If you offer monthly plans, it’s important to notify the customer of failed credit card charges as soon as possible. This type of communication is called dunning emails or dunning management.

Solution: AccountDock

As we were considering implementing the above requirements ourselves, Josh Pigford, the CEO of Baremetrics, showed me AccountDock.

As a side note, I thought it would make sense for Baremetrics to offer this functionality in addition to analytics, but Josh disagreed at the time (and pointed me to AccountDock). Interestingly, Baremetrics recently rolled out support for dunning emails, so maybe he's had a change of heart.

For $45/month, AccountDock satisfies all of my requirements. Our customers get a clean-looking billing history, where they can view, download, or forward receipts, and customize ”Receipt Settings”, where they can add their company details.


The service also offers dunning email support, letting you craft up to four separate email templates, one per failed charge.

In summation

SaaS receipt management is important. Try to give your customers as much power as possible in dealing with receipts, and make sure you can easily retrieve historical receipts yourself—it might be easier or more polite than sending the customer on a DIY journey.

Automatically notify the customer of failed credit card transactions—this will reduce your churn.

Lastly, don’t build this stuff yourself, use a professional. After all, even Stripe chose not to bother. They did build a very beautiful mobile app though, which totally makes sense—it's a lot more fun that dealing with PDF receipts.

Use Fleep to Chat with Contacts or Groups on Skype

Both Fleep and Skype have an enormous advantage over chat systems designed as "walled gardens" (e.g., HipChat, Slack)—a global user directory.

In the same way you can add any Skype user to any Skype group, you can easily invite anyone who uses Fleep into any room on Fleep.

This architecture choice isn't surprising, since before founding Fleep, its authors spent many years building Skype.

Fleep also has the advantage of being very good at working with email, opening Fleep not only to the global Fleep network, but to the global email network (i.e. the entire world).

Ironically, given its founding history, Fleep cannot tap into the Skype network—the two are separated by the unyielding force of incompatible protocols, which seems the be the mot du jour these jours.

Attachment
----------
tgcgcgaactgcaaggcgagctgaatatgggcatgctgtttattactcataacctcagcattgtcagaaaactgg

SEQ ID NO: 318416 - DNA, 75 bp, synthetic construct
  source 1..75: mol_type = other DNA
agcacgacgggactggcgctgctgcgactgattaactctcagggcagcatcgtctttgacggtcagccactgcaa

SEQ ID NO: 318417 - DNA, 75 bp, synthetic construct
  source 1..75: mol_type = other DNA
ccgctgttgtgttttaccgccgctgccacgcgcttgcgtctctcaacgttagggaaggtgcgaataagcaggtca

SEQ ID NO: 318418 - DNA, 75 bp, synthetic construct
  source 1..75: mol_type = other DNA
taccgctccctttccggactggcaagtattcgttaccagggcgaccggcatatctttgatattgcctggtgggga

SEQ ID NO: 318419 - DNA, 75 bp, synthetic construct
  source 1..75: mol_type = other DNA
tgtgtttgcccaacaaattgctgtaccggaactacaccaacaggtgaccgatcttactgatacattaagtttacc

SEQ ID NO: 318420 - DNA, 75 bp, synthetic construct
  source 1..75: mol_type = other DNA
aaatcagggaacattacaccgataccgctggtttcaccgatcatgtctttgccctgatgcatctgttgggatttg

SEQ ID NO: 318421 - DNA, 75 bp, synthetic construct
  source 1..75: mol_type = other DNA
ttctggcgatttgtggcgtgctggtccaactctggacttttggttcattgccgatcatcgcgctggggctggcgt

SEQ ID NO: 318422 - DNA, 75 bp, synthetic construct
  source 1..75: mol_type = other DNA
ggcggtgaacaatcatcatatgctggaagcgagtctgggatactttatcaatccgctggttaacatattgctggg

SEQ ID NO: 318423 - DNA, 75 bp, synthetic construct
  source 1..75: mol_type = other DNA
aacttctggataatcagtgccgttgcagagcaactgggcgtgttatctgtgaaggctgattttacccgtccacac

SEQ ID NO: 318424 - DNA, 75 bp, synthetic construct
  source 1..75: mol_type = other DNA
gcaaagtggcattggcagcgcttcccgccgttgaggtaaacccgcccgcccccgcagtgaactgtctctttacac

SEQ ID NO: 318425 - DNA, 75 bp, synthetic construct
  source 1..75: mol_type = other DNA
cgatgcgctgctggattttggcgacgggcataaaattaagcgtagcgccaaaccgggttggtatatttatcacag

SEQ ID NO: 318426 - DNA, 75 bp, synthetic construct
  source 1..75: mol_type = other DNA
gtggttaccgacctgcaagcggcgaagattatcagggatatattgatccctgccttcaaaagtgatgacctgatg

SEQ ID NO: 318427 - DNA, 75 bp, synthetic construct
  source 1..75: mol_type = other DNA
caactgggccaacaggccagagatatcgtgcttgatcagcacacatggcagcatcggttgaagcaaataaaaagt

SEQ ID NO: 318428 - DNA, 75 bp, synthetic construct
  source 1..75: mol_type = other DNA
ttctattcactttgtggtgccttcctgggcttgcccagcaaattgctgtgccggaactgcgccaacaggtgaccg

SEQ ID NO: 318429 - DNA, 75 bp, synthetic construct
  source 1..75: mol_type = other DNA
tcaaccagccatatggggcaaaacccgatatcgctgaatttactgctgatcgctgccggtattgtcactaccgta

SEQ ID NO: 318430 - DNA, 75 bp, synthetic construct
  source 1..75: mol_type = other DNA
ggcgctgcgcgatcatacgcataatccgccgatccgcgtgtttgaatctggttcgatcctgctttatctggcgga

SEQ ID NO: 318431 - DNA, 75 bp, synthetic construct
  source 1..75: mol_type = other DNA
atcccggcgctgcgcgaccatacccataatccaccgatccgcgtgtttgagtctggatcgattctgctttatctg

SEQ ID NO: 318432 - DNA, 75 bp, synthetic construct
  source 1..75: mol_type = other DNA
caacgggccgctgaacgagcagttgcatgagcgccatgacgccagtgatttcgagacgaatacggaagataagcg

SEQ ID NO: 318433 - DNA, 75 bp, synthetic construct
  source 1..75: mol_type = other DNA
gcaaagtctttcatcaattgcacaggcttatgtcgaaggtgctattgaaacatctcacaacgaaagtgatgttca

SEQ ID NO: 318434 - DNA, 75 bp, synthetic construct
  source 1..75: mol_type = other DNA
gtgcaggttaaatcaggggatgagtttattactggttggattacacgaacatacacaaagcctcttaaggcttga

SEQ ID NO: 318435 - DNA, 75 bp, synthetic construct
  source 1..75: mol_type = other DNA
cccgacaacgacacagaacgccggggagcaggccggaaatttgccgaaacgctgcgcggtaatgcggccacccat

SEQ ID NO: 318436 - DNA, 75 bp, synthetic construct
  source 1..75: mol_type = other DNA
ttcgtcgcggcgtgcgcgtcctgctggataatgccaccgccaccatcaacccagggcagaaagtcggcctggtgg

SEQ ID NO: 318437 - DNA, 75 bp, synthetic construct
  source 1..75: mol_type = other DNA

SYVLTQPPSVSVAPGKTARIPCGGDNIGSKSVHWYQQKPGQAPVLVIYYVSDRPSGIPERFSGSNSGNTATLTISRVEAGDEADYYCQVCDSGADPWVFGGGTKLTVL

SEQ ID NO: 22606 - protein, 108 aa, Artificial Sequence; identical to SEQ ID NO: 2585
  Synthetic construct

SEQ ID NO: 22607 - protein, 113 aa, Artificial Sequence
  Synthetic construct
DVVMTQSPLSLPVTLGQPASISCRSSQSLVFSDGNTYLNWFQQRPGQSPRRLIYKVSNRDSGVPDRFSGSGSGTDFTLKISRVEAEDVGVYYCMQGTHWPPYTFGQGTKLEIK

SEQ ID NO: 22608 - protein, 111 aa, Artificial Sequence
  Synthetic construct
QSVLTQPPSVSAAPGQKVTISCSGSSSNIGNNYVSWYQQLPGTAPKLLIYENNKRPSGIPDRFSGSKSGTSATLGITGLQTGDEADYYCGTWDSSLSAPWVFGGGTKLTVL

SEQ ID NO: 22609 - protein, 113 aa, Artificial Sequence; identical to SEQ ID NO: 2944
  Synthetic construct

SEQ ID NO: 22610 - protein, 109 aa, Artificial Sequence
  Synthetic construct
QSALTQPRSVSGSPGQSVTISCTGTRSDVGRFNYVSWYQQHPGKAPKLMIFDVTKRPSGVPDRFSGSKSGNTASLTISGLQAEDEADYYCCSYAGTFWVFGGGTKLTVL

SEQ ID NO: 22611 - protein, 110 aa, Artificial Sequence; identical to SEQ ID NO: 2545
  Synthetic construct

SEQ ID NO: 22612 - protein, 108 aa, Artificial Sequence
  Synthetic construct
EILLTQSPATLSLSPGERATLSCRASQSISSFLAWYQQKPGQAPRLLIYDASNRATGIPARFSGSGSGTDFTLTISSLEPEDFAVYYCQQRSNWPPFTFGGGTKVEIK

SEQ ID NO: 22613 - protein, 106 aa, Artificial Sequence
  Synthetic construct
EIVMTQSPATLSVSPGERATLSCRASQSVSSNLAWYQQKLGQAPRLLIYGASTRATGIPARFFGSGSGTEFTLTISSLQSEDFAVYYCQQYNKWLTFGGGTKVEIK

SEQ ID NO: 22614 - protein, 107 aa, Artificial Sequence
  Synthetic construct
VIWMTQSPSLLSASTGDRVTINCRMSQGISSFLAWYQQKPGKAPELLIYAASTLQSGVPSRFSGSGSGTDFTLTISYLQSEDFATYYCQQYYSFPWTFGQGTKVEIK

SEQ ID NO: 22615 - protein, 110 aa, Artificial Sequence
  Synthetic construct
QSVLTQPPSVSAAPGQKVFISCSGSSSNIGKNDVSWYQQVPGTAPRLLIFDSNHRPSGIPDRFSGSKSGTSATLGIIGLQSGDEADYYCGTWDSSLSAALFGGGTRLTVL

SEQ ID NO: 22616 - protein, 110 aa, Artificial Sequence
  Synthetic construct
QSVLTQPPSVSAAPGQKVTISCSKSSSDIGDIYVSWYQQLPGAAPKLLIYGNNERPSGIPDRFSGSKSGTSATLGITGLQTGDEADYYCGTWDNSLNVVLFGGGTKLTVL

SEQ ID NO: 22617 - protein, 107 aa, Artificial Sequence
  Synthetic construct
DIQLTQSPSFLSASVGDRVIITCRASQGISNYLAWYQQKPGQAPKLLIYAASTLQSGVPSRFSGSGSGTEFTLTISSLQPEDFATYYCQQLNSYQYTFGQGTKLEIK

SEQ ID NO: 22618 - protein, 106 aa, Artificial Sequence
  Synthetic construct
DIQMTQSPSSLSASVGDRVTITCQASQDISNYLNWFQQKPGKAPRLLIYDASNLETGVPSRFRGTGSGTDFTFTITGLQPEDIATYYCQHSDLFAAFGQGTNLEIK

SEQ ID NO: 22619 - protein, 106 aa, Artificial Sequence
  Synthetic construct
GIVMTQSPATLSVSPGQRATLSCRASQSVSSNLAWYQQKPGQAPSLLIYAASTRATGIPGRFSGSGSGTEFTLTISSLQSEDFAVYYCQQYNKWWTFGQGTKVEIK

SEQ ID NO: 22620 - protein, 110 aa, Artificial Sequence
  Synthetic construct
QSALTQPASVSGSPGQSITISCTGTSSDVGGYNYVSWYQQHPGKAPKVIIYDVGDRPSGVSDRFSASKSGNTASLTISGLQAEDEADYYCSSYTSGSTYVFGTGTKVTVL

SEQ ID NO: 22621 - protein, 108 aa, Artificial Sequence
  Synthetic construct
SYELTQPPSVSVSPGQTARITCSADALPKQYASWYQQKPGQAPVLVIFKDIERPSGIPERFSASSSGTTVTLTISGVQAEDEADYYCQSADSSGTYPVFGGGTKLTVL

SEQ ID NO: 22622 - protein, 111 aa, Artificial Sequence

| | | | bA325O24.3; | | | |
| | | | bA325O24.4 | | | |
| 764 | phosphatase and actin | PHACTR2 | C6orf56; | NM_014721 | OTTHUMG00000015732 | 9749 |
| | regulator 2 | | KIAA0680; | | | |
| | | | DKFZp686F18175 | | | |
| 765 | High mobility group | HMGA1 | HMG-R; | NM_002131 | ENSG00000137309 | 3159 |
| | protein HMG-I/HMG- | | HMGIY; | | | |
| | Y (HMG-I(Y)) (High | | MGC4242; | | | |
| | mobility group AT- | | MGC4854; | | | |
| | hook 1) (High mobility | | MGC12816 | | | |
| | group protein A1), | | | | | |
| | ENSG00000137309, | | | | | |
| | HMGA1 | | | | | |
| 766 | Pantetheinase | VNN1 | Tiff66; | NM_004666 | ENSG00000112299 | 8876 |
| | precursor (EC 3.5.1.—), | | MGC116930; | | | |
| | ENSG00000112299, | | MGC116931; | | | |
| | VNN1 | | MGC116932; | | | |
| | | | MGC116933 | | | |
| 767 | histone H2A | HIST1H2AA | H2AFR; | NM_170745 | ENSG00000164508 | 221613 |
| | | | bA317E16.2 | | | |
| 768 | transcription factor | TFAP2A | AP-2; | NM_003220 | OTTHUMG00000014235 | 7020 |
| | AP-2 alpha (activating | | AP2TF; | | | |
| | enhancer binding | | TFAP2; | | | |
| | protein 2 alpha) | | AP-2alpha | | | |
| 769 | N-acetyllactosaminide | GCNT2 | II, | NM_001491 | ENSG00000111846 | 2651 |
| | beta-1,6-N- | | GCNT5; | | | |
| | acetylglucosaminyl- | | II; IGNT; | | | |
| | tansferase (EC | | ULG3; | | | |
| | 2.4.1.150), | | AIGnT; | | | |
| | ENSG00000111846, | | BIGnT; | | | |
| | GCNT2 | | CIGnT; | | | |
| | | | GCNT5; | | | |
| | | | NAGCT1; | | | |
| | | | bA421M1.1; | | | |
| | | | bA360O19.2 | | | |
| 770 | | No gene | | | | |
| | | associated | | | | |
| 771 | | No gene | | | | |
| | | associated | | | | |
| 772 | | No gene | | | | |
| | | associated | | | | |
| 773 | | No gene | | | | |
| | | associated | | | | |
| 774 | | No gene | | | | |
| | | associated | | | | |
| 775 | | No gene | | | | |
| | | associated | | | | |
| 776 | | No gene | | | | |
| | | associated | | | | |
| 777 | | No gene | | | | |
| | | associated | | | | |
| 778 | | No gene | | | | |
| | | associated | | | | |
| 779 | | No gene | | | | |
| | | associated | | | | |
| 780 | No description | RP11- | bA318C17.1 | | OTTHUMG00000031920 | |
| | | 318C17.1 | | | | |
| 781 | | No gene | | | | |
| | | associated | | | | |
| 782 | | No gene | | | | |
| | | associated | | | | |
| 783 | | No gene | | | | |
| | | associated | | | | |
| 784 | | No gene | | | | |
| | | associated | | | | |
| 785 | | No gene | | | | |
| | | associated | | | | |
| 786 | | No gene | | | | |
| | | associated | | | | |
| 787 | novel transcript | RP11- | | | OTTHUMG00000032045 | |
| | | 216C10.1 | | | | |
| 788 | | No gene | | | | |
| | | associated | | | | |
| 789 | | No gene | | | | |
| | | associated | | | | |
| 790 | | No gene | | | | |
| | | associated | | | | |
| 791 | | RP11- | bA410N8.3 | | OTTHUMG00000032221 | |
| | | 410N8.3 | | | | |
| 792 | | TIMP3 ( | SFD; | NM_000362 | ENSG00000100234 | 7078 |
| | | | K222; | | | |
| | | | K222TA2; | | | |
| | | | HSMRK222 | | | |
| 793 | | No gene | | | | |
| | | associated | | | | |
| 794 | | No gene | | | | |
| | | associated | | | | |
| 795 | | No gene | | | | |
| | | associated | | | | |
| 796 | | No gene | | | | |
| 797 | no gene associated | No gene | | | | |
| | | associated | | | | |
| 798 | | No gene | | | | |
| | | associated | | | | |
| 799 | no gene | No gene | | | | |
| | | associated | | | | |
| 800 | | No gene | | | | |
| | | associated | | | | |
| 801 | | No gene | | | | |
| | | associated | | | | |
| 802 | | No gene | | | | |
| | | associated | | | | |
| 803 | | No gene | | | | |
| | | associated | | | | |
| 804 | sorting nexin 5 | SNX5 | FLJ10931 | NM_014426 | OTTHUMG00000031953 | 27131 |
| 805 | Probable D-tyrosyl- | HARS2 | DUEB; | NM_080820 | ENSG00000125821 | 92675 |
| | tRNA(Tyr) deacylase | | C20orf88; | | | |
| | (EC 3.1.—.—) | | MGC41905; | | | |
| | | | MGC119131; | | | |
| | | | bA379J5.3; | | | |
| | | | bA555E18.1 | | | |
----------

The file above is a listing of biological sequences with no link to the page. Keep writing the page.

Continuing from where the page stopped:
Now, when I say "cannot", what I mean is not for free. If you buy a Sameroom subscription, you totally can.

Here's how:

(Make sure you've got a Fleep room you want to bridge with a Skype conversation ready to go—create a new one if necessary)

  • Step 1: Add you Fleep and Skype accounts to Sameroom*;
  • Step 2: From the Open-A-Tube page, choose your Fleep room for Side A and Skype conversation or group for Side B.

Once this is done, you can configure posting options, to control how your messages look in both systems.

We respond to tweets from Slack in real-time, so reach out on Twitter if you have any questions or comments.

*Please join us in encouraging Fleep to implement OAuth.

Connect Skype and Telegram

Compared to Skype, Telegram is amazingly lightweight and nimble. It works well during poor connectivity, high latency, and low bandwidth conditions. In many ways, it’s the opposite of Skype.

Wouldn’t it be great to use Telegram to chat with users on Skype?

Congratulations: now you can!

First, add your Skype and Telegram accounts to Sameroom here:

Second, create a Tube between your group or contact on Skype and your group or contact in Telegram: Choose the groups or contacts for side A and side B in the dropdown menu.

Wait for an automated message to appear in both Skype and Telegram with a link to your Sameroom map. Once that happens, all communication between the two groups will be synchronized.

There are some limitations for both platforms, you can learn about these here:

For information about Sameroom security, please visit

If you have any questions, reach out on Twitter!